Thursday, February 17, 2005

article in NYTimes: ThinkEquity Starts Web Log to Gather Ideas

ThinkEquity Starts Web Log to Gather Ideas


Published: February 17, 2005

BLOGGING transformed political commentary, rattled the media business and inundated the Internet. Does it have a place on Wall Street? ThinkEquity Partners, a boutique investment bank in San Francisco, will find out as it introduces a Web log today. The firm, which specializes in technology, health care and other fast-growing fields, is seeking to make its investment research department - an albatross at most Wall Street firms - relevant.

article in CNN - Tools to ease Web collaboration

Tools to ease Web collaboration

Wednesday, February 16, 2005 Posted: 1:53 PM EST (1853 GMT)


Monday, January 24, 2005

DonationPal | SPM Jobs

Besides consulting, I’m putting all of my effort into my two entrepreneurial endeavors:




SPM Jobs


So I don’t have much time to blog.


Luckily my dog Sam is a prolific blogger.

Sam the all-black beautiful German shepherd dog

Tuesday, January 18, 2005

article: Wiki's gaining momentum


Thanks to Tony Christopher for sending me this info.




From today's San Jose Mercury, indications of the growing momentum for investment in and corporate use of Wiki capabilities.




Wiki war born out of Walt Disney deal

By Matt Marshall

Mercury News


The battle between the two Silicon Valley wiki companies began in earnest this week. The outcome could say something about Silicon Valley's model of turbo-charged venture capital, and when it's a good time to take money and grow quickly -- or hold off.


A wiki, in its simplest form, is a single Web page that can be written upon, and edited, by multiple users at once. Companies are beginning to use wiki software to help their employees coordinate on team projects.


For complete article go here:

Tuesday, January 11, 2005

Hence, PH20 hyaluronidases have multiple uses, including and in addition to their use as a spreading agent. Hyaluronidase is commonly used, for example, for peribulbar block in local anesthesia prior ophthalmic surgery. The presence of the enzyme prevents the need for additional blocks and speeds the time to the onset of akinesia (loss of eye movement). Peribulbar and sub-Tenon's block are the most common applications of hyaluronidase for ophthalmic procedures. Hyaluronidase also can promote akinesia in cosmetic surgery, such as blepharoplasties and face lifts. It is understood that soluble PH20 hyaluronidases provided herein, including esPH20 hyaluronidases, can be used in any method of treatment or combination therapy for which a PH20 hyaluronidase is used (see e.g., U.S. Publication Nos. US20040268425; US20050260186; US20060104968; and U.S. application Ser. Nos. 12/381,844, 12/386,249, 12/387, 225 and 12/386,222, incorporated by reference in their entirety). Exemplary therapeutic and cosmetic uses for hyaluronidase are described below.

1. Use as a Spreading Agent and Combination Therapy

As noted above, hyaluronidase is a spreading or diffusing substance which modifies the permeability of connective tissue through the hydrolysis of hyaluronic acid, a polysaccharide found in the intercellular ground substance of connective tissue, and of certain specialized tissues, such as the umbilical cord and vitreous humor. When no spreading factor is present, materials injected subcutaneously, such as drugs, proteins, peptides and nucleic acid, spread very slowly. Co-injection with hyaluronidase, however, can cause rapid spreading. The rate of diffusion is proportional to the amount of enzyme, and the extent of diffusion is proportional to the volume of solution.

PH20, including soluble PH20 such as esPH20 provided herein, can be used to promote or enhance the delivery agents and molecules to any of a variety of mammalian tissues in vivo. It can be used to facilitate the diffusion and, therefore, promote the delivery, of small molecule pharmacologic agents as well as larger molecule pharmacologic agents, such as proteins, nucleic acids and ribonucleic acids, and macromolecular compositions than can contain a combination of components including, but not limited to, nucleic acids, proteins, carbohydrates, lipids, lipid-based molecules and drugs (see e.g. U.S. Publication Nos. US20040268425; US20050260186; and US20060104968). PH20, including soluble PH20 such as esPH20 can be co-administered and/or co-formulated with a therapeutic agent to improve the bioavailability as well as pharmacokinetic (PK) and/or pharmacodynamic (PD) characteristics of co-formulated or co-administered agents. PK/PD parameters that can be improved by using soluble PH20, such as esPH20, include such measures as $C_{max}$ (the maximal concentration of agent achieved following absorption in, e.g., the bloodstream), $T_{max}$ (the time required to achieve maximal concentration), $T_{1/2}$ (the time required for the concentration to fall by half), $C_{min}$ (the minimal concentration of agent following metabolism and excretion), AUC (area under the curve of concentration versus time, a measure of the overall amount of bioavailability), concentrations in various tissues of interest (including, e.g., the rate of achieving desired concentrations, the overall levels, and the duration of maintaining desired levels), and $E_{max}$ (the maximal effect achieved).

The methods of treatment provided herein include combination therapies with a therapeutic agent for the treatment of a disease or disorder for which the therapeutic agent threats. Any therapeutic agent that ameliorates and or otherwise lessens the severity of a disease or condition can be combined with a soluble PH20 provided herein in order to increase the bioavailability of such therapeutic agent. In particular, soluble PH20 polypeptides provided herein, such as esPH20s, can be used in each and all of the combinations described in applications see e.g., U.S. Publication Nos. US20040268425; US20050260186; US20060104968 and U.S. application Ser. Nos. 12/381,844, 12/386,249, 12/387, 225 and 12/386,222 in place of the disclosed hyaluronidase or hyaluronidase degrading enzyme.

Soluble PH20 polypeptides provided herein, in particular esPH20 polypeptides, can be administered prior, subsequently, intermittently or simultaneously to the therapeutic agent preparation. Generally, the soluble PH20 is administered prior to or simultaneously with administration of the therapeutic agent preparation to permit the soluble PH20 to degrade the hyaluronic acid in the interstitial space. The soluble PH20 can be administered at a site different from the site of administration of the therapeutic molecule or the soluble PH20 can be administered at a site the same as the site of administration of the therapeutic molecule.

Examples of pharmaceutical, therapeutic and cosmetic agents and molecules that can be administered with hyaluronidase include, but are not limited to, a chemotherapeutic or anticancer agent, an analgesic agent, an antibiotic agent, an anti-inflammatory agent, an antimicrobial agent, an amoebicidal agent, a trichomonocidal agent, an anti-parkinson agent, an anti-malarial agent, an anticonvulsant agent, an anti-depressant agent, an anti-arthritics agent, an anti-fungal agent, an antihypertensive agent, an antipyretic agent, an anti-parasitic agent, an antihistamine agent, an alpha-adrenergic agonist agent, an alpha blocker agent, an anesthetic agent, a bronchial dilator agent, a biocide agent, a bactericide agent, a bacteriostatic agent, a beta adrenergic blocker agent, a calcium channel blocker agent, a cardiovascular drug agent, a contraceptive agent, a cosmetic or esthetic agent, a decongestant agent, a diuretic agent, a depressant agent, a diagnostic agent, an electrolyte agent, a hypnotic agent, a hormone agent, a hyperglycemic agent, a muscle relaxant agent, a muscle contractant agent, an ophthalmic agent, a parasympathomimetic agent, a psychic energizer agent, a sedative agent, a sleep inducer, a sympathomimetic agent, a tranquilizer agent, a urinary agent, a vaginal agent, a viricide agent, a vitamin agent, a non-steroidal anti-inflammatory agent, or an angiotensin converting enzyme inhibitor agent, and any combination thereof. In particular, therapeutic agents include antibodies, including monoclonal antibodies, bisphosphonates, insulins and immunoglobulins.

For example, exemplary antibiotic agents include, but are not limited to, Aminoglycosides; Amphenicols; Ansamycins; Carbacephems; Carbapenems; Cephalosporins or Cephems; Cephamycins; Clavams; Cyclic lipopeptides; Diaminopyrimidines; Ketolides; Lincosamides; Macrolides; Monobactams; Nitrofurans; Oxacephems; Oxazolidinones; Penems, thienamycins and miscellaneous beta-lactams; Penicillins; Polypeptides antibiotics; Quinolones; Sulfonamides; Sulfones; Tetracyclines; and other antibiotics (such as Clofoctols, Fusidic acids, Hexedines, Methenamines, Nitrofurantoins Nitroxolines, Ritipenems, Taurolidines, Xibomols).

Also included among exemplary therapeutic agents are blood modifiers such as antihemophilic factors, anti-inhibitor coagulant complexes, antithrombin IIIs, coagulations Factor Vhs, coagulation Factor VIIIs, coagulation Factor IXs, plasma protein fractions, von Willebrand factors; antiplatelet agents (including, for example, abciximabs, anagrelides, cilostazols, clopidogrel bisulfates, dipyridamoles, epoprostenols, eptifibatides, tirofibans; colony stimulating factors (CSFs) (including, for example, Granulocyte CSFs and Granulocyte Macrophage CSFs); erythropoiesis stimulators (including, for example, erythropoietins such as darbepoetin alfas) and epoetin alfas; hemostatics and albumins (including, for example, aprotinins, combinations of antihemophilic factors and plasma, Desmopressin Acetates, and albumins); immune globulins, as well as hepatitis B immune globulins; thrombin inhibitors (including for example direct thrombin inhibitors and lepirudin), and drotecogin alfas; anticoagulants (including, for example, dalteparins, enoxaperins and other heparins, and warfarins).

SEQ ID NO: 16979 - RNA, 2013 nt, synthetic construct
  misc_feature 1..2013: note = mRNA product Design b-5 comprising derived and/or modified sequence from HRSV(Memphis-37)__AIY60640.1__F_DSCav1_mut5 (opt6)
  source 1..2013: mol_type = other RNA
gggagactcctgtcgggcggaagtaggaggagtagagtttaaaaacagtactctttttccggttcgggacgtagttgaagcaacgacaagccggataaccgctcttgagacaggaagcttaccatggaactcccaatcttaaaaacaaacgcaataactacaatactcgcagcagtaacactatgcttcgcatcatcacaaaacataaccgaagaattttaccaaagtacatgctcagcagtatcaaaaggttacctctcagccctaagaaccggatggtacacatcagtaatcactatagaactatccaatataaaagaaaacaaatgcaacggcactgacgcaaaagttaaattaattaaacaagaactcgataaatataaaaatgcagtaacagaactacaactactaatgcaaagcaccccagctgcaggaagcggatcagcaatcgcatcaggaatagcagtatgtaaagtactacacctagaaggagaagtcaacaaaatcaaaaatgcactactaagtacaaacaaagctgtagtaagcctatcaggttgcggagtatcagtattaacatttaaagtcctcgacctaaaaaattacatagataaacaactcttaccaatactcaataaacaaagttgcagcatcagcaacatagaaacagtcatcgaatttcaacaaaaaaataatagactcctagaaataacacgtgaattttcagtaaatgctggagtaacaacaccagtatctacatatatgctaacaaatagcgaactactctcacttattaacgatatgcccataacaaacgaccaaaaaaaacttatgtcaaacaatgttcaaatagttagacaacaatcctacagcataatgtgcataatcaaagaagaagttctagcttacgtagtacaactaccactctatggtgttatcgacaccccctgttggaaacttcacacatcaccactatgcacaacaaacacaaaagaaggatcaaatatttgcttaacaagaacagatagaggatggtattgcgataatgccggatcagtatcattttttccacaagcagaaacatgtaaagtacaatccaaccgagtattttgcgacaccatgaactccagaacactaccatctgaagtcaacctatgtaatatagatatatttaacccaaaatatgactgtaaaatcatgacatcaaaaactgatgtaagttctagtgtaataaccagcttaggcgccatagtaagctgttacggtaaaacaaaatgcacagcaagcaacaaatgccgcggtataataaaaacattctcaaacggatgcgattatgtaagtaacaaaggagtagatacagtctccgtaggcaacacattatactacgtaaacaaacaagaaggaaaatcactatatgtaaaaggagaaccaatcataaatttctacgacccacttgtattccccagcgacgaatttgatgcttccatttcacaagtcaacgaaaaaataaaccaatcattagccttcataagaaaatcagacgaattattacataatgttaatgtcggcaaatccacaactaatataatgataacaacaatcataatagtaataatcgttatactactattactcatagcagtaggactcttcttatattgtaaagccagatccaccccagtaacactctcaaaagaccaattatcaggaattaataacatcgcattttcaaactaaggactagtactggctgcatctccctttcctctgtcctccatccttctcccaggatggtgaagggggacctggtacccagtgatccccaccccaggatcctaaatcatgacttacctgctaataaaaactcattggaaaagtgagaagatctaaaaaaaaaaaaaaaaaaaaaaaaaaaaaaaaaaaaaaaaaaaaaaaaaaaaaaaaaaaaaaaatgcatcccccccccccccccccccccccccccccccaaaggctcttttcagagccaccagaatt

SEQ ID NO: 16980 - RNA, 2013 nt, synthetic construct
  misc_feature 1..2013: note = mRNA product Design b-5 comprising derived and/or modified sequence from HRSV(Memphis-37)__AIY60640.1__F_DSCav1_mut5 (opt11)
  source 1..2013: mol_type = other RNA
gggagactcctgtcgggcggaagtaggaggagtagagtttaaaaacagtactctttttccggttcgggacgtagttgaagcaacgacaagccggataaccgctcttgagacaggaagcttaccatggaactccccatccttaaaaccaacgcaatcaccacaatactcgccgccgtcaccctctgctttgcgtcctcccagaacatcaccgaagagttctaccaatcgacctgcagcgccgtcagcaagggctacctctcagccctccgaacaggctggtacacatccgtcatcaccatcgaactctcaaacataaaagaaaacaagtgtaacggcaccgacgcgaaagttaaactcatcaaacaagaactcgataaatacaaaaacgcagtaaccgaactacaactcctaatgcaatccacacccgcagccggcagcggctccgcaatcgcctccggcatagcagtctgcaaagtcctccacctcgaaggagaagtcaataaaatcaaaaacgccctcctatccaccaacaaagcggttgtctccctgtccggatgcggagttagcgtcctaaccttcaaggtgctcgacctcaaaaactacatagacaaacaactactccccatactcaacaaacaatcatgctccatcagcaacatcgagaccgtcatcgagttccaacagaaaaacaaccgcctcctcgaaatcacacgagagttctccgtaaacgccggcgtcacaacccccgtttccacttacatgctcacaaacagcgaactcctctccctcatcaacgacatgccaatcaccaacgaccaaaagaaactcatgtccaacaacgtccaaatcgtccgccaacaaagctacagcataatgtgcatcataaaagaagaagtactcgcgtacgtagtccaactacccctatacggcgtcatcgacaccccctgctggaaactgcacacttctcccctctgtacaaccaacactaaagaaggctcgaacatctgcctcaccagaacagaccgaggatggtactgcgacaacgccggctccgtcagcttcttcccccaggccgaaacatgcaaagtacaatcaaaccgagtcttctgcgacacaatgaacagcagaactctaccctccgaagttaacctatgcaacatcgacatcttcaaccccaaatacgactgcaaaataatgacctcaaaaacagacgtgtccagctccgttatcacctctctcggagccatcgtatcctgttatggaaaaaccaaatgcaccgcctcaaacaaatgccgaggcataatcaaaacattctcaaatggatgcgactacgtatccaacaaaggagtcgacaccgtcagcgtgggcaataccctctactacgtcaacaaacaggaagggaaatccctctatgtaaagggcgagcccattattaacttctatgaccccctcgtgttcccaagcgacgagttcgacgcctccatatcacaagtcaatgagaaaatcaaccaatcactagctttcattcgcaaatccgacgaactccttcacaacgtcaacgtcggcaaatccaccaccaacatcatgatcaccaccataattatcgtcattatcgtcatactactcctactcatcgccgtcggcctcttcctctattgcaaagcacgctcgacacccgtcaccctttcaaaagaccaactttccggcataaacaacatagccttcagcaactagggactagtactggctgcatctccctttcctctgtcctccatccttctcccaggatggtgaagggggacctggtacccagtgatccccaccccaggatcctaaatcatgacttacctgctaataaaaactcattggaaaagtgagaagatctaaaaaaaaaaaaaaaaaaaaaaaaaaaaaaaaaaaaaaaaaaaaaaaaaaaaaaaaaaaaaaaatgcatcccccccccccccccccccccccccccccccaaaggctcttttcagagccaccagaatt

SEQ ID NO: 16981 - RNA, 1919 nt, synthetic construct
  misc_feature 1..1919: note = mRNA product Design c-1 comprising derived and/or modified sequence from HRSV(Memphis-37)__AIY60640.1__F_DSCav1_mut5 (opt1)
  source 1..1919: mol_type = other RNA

article: The Rise of a New News Network By Om Malik, January 04, 2005 Business 2.0

The traditional news media is going to need to reposition itself.  Yes, I’m a Luddite, but I couldn’t live without a daily fix of the NYTimes.  I also can’t see bloggers doing real in depth analysis or covering well events that span time e.g. global warming, invasive non-native plant threats to the environment, etc. 


It seems to me the Social Network Analysis (not the social networking websites, those are just implementations) could be invaluable in vetting the information that is created by individuals.  There has to be some kind of verification as anyone, anywhere can report anything.




The Rise of a New News Network
By Om Malik,  January 04, 2005


The 1990s proved to be the decade when cable news networks replaced network television as the primary source of breaking news for many Americans, just as the 1960s saw newspapers supplanted. In the new millennium, a broadband-enabled, always-on Internet threatens to usurp those cable news networks.


For the rest of the article go here:,17863,1013980,00.html



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C y n t h i a    T y p a l d o s: Passion, Expertise, Experience  | 408 867-8875 office | 408 828-1370 cell



Sunday, January 09, 2005

blog/net articles by David Kirkpatrick at Fortune